Researchers have tried to read one word from the nearly 2,000-year-old ancient Herculaneum scroll using artificial intelligence (AI) as an ancient volcanic disaster of Mount Vesuvius burned written texts into ashes alongside a Roman town in 79 AD.
A computer scientist at the University of Kentucky Prof Brent Seales, with his collaborators, announced the remarkable discovery Thursday.
The venture is supported by Silicon Valley investors, who offer cash prizes to those who extract legible words from the scrolls.
“This is the first recovered text from one of these rolled-up, intact scrolls,” said Stephen Parsons, a staff researcher on the digital restoration initiative at the university. Since the start, experts have been able to uncover more letters from the ancient scroll.
In a Vesuvius challenge, Professor Seales with his team released thousands of 3D X-ray images of two scrolls and other fragments. In addition to that, they also made public an AI system they had trained to read letters in the scrolls.
The unopened scrolls are thought to be by a senior Roman statesman, Lucius Calpurnius Piso Caesoninus, the father-in-law of Julius Caesar.
Luke Farritor in Nebraska and Youssef Nader in Berlin while taking up the challenge, independently read the same ancient Greek word in one of the scrolls: “πορφύραc”, meaning “purple”.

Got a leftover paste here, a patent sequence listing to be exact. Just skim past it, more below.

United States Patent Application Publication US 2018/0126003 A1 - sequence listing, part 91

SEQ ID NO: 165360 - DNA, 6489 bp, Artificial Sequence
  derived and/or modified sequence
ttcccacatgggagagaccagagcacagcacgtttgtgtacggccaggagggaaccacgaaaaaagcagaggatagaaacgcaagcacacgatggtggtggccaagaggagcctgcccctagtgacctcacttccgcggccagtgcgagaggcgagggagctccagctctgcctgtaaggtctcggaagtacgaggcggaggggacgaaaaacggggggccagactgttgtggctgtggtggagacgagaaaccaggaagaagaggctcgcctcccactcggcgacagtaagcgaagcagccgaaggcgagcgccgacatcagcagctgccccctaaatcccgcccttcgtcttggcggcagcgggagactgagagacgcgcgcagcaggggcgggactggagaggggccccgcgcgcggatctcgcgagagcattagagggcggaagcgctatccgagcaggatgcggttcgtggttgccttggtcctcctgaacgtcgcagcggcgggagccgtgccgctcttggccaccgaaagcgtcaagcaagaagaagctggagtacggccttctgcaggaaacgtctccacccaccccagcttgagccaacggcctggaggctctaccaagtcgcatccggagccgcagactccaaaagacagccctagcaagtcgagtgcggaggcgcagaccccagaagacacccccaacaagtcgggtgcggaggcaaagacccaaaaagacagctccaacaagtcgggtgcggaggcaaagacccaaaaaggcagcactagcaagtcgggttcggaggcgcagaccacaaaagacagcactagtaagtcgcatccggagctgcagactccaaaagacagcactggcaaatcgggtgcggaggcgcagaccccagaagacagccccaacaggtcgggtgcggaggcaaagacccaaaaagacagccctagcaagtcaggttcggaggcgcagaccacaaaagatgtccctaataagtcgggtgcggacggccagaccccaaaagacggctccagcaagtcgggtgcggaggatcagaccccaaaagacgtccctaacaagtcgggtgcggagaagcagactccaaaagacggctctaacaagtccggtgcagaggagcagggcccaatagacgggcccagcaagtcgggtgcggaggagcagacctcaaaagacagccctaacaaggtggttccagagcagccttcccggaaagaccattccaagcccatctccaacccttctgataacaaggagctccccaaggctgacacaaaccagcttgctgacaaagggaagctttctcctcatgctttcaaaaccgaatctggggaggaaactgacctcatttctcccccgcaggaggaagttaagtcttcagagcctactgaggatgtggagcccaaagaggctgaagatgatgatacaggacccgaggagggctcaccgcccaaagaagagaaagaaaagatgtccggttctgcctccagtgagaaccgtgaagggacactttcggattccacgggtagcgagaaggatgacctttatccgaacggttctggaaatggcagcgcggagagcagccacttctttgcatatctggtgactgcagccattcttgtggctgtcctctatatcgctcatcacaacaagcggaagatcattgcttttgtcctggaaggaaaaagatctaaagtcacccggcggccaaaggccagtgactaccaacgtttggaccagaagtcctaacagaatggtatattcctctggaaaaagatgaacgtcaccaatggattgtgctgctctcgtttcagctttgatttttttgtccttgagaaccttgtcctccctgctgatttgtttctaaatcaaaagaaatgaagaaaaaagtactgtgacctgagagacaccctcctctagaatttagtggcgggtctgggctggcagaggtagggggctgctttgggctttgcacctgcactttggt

Dr Federica Nicolardi, a papyrologist at the University of Naples Federico II, said three lines of the scroll, containing up to 10 letters, were now readable with more expected to come. A recent section shows at least four columns of text.
“This word is our first dive into an unopened ancient book, evocative of royalty, wealth, and even mockery,” Professor Seales said.
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“What will the context show? Pliny the Elder explores ‘purple’ in his ‘natural history’ as a production process for Tyrian purple from shellfish. The Gospel of Mark describes how Jesus was mocked as he was clothed in purple robes before crucifixion. What this particular scroll is discussing is still unknown, but I believe it will soon be revealed. An old, new story that starts for us with ‘purple’ is an incredible place to be.”
The already-analysed texts are written in ancient Greek so far, however, it is expected that some may be in Latin.
“The strong suspicion is that the non-philosophical part of the library remains to be discovered, and here fantasy runs riot: new plays of Sophocles, poems of Sappho, the Annals of Ennius, lost books of Livy and so on,” said Robert Fowler, emeritus professor of Greek at the University of Bristol.
“It would be great too to find so-called documentary papyri: letters, business papers, and so on; these would be a treasure trove for historians.”
“For me, reading words from within the Herculaneum scrolls is like stepping onto the moon,” Professor Seales added.
“Honestly, I knew that the text was there, waiting for us to arrive, but arrival only happens at the last step. And with such a talented team working together, reading the words is that step into new territory, and we’ve taken it. Now it is time to explore.”